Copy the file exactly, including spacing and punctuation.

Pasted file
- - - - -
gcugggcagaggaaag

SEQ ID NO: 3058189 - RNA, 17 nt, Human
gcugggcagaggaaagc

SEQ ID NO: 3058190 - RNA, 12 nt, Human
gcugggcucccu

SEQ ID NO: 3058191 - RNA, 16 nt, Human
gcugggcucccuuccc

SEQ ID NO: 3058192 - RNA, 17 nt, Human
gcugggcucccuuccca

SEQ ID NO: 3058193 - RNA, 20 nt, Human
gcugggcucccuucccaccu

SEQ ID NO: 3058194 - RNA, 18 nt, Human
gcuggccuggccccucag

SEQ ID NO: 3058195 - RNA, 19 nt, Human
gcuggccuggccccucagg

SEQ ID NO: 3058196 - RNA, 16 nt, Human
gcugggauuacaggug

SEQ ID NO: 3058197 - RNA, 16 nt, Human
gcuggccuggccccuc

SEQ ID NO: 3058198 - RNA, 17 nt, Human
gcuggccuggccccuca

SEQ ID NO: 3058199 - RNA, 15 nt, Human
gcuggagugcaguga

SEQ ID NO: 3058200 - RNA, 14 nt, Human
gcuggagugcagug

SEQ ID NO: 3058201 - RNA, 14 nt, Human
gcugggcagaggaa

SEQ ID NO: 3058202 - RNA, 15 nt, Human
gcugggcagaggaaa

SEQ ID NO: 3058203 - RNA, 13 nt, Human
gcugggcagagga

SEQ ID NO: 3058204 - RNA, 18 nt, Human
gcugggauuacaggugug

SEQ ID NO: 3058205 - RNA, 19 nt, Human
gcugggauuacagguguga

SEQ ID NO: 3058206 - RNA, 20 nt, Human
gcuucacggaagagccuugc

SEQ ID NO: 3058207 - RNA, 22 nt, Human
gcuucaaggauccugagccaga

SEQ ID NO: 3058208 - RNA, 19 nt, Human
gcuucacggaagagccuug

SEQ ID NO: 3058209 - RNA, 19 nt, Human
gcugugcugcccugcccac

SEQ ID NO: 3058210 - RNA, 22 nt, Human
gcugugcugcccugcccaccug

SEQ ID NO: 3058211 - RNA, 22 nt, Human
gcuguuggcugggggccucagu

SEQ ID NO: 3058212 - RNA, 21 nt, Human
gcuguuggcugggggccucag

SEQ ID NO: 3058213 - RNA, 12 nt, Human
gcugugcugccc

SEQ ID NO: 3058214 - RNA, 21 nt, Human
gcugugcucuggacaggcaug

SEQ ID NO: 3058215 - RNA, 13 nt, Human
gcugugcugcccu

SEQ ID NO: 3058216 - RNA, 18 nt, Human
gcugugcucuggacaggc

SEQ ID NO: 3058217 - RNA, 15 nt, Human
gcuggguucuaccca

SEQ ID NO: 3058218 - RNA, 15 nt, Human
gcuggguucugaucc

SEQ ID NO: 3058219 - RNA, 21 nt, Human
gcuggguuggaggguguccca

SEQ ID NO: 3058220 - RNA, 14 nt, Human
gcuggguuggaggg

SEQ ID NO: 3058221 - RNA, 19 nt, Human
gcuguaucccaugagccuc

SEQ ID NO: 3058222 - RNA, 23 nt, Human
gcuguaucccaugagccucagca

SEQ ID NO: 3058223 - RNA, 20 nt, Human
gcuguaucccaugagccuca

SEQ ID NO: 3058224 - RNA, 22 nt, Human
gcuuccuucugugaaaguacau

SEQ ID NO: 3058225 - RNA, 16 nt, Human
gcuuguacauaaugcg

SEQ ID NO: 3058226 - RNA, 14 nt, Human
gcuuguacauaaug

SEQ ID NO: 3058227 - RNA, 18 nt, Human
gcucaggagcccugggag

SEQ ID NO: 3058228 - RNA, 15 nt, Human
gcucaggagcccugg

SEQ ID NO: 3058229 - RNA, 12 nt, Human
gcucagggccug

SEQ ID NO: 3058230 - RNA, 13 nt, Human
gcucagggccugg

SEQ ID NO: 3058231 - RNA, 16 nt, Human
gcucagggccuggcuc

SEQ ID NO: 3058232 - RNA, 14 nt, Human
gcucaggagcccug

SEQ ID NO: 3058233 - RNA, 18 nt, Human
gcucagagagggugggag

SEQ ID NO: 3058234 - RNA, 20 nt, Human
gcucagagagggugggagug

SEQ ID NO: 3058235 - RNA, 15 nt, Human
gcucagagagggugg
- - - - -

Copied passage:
gcugggcagaggaaag

SEQ ID NO: 3058189 - RNA, 17 nt, Human
gcugggcagaggaaagc

SEQ ID NO: 3058190 - RNA, 12 nt, Human
gcugggcucccu

SEQ ID NO: 3058191 - RNA, 16 nt, Human
gcugggcucccuuccc

SEQ ID NO: 3058192 - RNA, 17 nt, Human
gcugggcucccuuccca

SEQ ID NO: 3058193 - RNA, 20 nt, Human
gcugggcucccuucccaccu

SEQ ID NO: 3058194 - RNA, 18 nt, Human
gcuggccuggccccucag

SEQ ID NO: 3058195 - RNA, 19 nt, Human
gcuggccuggccccucagg

SEQ ID NO: 3058196 - RNA, 16 nt, Human
gcugggauuacaggug

SEQ ID NO: 3058197 - RNA, 16 nt, Human
gcuggccuggccccuc

SEQ ID NO: 3058198 - RNA, 17 nt, Human
gcuggccuggccccuca

SEQ ID NO: 3058199 - RNA, 15 nt, Human
gcuggagugcaguga

SEQ ID NO: 3058200 - RNA, 14 nt, Human
gcuggagugcagug

SEQ ID NO: 3058201 - RNA, 14 nt, Human
gcugggcagaggaa

SEQ ID NO: 3058202 - RNA, 15 nt, Human
gcugggcagaggaaa

SEQ ID NO: 3058203 - RNA, 13 nt, Human
gcugggcagagga

SEQ ID NO: 3058204 - RNA, 18 nt, Human
gcugggauuacaggugug

SEQ ID NO: 3058205 - RNA, 19 nt, Human
gcugggauuacagguguga

SEQ ID NO: 3058206 - RNA, 20 nt, Human
gcuucacggaagagccuugc

SEQ ID NO: 3058207 - RNA, 22 nt, Human
gcuucaaggauccugagccaga

SEQ ID NO: 3058208 - RNA, 19 nt, Human
gcuucacggaagagccuug

SEQ ID NO: 3058209 - RNA, 19 nt, Human
gcugugcugcccugcccac

SEQ ID NO: 3058210 - RNA, 22 nt, Human
gcugugcugcccugcccaccug

SEQ ID NO: 3058211 - RNA, 22 nt, Human
gcuguuggcugggggccucagu

SEQ ID NO: 3058212 - RNA, 21 nt, Human
gcuguuggcugggggccucag

SEQ ID NO: 3058213 - RNA, 12 nt, Human
gcugugcugccc

SEQ ID NO: 3058214 - RNA, 21 nt, Human
gcugugcucuggacaggcaug

SEQ ID NO: 3058215 - RNA, 13 nt, Human
gcugugcugcccu

SEQ ID NO: 3058216 - RNA, 18 nt, Human
gcugugcucuggacaggc

SEQ ID NO: 3058217 - RNA, 15 nt, Human
gcuggguucuaccca

SEQ ID NO: 3058218 - RNA, 15 nt, Human
gcuggguucugaucc

SEQ ID NO: 3058219 - RNA, 21 nt, Human
gcuggguuggaggguguccca

SEQ ID NO: 3058220 - RNA, 14 nt, Human
gcuggguuggaggg

SEQ ID NO: 3058221 - RNA, 19 nt, Human
gcuguaucccaugagccuc

SEQ ID NO: 3058222 - RNA, 23 nt, Human
gcuguaucccaugagccucagca

SEQ ID NO: 3058223 - RNA, 20 nt, Human
gcuguaucccaugagccuca

SEQ ID NO: 3058224 - RNA, 22 nt, Human
gcuuccuucugugaaaguacau

SEQ ID NO: 3058225 - RNA, 16 nt, Human
gcuuguacauaaugcg

SEQ ID NO: 3058226 - RNA, 14 nt, Human
gcuuguacauaaug

SEQ ID NO: 3058227 - RNA, 18 nt, Human
gcucaggagcccugggag

SEQ ID NO: 3058228 - RNA, 15 nt, Human
gcucaggagcccugg

SEQ ID NO: 3058229 - RNA, 12 nt, Human
gcucagggccug

SEQ ID NO: 3058230 - RNA, 13 nt, Human
gcucagggccugg

SEQ ID NO: 3058231 - RNA, 16 nt, Human
gcucagggccuggcuc

SEQ ID NO: 3058232 - RNA, 14 nt, Human
gcucaggagcccug

SEQ ID NO: 3058233 - RNA, 18 nt, Human
gcucagagagggugggag

SEQ ID NO: 3058234 - RNA, 20 nt, Human
gcucagagagggugggagug

SEQ ID NO: 3058235 - RNA, 15 nt, Human
gcucagagagggugg